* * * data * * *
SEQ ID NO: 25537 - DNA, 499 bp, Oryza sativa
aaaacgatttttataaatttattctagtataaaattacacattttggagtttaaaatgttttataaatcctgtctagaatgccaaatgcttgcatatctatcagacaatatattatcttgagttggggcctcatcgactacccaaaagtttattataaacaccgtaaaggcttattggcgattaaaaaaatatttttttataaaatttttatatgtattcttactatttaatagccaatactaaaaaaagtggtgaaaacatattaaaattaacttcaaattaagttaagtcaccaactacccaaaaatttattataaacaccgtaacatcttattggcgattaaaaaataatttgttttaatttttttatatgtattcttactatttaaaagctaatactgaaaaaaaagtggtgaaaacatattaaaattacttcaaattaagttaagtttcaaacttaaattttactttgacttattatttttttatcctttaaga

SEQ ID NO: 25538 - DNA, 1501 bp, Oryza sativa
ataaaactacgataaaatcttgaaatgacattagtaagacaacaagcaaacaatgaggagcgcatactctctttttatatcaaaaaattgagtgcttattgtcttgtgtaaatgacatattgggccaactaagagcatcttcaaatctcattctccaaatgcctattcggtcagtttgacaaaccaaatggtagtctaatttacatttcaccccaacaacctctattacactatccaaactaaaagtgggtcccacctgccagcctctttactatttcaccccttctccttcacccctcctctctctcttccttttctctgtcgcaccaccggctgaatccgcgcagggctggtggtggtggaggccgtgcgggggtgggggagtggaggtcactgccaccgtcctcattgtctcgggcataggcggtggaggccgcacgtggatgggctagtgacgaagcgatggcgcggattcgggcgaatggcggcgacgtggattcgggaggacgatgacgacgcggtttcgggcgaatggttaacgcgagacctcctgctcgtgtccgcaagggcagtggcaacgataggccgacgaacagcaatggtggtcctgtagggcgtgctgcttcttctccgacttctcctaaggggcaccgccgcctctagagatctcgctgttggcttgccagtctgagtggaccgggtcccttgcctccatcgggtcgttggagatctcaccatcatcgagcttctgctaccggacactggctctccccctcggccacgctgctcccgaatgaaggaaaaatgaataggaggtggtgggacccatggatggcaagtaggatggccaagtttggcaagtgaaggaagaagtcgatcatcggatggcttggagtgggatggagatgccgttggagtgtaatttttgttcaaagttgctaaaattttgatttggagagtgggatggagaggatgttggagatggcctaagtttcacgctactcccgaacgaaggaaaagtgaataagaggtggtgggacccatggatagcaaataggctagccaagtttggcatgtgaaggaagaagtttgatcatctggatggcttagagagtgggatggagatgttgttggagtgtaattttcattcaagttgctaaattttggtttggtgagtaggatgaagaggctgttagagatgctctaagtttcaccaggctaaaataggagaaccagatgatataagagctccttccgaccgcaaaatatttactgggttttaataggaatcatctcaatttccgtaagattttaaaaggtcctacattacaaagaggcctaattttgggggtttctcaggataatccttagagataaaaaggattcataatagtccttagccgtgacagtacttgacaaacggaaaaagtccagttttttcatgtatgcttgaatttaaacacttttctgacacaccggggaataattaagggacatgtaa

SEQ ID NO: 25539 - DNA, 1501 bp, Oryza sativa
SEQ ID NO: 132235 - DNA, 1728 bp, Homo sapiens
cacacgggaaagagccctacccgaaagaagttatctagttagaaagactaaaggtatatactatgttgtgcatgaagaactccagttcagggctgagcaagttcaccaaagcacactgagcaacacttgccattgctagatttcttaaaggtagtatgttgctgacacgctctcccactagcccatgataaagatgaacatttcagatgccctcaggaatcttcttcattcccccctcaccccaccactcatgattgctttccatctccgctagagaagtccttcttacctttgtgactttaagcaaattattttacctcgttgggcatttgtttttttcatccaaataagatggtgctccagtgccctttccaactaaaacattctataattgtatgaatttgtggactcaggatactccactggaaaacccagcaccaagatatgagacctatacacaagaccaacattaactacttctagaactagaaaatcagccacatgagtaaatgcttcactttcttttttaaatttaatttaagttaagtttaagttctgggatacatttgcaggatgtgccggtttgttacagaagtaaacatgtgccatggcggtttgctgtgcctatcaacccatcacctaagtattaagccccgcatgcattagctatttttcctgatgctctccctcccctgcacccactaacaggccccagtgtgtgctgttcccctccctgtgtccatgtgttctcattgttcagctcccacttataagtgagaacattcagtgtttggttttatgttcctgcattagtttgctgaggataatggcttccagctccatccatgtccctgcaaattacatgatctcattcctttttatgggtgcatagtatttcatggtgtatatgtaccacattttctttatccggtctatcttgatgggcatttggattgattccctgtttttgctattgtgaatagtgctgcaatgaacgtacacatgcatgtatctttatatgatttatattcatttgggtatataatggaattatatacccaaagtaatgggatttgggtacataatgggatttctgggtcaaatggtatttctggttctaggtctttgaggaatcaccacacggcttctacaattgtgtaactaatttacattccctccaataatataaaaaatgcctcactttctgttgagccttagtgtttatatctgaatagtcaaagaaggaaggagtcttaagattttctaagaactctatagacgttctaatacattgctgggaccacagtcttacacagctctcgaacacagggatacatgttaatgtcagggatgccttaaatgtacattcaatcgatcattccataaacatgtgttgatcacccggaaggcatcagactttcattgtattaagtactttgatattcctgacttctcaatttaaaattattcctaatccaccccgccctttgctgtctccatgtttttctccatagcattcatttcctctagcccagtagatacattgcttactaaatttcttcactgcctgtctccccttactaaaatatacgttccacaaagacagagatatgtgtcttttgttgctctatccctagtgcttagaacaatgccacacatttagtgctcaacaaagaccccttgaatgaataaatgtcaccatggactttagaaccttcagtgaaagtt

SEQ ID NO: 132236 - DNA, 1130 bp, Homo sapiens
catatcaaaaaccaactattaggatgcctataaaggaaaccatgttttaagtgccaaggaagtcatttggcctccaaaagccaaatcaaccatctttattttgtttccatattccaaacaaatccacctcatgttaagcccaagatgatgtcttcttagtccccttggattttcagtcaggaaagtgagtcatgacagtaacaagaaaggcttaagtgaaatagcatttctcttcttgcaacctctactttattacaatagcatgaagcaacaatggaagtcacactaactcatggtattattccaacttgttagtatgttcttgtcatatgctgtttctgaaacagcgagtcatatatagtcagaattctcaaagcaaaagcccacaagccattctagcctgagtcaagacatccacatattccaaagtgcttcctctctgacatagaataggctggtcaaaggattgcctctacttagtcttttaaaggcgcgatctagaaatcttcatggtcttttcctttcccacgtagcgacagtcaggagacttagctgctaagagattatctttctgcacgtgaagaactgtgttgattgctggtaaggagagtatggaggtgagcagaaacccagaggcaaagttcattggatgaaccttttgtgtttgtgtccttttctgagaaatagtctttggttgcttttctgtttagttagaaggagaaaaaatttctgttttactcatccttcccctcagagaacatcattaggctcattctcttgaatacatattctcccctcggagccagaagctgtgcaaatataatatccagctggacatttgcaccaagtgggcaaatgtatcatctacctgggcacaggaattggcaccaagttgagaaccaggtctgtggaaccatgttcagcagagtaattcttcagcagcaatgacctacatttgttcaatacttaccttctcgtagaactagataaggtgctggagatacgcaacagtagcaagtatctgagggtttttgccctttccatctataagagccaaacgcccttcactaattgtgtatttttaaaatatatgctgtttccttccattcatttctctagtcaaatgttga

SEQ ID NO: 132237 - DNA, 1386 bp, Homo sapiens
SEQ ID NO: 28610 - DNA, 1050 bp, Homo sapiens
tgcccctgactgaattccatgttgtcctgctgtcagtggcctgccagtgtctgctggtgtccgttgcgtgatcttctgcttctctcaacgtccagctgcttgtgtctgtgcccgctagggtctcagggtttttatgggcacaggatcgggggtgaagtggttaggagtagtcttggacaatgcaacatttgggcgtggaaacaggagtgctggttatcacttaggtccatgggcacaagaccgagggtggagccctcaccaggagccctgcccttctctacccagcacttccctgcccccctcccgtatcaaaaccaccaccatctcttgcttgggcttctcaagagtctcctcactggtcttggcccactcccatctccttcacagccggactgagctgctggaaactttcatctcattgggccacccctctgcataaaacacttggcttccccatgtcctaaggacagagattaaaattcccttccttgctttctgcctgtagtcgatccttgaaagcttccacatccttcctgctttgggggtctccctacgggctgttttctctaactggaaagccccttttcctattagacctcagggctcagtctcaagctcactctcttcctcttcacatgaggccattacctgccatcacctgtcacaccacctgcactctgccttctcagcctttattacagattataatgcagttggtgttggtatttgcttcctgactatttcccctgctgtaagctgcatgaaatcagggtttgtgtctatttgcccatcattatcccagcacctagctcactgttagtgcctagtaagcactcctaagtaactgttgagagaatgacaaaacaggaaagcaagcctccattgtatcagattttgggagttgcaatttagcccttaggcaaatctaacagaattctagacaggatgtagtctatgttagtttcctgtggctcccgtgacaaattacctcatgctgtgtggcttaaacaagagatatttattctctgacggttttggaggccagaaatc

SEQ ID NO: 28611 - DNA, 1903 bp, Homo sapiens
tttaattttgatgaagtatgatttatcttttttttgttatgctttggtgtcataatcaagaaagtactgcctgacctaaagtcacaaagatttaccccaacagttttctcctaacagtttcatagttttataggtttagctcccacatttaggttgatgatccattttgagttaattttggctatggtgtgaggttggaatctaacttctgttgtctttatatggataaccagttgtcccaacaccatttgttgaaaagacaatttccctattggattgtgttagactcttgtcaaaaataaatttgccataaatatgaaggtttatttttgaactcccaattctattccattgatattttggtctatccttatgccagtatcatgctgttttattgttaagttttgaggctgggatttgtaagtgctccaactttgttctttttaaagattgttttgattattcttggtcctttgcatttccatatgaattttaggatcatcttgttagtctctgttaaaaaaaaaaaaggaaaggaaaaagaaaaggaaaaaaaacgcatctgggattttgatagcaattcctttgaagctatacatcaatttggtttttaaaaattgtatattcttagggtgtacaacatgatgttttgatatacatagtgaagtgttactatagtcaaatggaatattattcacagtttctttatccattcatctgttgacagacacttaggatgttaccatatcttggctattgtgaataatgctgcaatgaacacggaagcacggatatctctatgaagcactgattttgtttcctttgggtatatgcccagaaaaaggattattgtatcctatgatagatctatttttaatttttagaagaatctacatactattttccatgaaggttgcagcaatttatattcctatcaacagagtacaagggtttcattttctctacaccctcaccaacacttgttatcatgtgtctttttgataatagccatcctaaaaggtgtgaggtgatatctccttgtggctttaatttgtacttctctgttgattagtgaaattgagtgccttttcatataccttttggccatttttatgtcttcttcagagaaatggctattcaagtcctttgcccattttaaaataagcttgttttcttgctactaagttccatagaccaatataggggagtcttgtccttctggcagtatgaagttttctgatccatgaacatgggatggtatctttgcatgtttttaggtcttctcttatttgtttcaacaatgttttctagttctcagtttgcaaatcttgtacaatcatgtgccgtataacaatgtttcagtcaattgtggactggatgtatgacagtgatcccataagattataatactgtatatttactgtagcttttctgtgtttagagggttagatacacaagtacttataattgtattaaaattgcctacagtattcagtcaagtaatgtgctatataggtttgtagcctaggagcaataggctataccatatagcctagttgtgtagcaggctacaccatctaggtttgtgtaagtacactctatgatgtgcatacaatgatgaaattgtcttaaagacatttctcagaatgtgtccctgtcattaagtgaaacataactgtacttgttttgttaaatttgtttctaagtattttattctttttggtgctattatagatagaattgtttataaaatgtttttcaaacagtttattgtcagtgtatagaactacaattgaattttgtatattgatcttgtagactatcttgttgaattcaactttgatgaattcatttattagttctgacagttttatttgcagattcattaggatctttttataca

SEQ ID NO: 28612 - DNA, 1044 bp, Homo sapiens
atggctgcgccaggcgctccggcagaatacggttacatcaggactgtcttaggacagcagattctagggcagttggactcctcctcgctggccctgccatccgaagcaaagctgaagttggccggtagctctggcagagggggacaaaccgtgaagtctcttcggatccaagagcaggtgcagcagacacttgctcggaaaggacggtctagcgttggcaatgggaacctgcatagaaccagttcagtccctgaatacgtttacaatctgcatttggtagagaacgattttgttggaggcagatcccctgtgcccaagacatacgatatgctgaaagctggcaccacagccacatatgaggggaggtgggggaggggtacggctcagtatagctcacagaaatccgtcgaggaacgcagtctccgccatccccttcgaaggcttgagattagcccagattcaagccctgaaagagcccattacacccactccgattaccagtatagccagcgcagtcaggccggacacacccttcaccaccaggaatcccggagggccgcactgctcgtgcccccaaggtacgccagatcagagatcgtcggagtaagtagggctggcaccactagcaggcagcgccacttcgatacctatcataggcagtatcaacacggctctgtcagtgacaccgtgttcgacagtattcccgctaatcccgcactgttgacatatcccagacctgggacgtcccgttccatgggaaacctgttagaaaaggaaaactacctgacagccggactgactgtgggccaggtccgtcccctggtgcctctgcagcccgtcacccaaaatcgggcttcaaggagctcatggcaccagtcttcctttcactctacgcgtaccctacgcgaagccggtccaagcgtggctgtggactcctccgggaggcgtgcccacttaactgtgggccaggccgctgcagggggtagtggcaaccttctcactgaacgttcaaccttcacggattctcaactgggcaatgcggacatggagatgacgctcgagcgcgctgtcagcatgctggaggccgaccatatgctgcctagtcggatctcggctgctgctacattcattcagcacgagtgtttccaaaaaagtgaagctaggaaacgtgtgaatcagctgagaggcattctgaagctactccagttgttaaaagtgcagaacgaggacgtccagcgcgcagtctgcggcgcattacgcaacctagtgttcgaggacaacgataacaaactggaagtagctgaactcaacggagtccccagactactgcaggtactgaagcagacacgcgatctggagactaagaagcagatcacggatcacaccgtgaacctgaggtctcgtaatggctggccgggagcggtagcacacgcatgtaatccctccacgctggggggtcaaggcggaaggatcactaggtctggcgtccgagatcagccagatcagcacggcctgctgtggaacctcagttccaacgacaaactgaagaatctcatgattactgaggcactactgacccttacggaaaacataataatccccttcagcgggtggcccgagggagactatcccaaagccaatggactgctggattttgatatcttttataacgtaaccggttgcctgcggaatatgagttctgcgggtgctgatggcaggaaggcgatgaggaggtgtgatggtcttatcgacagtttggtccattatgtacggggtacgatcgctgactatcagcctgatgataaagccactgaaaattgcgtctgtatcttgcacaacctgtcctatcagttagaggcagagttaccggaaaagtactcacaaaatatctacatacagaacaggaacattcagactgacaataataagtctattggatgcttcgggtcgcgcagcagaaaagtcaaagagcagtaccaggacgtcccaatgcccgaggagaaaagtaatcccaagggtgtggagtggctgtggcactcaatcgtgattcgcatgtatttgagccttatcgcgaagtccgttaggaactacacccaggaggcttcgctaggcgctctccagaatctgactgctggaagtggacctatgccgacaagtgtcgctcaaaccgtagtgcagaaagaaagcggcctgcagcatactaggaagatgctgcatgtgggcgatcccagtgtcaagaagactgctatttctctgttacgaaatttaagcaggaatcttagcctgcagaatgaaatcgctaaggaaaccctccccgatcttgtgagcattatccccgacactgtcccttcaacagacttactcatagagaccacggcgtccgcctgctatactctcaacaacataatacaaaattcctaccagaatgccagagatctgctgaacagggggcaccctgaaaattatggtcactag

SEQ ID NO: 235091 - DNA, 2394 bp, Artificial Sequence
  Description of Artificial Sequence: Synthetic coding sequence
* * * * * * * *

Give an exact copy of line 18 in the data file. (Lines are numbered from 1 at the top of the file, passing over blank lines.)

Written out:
  Description of Artificial Sequence: Synthetic coding sequence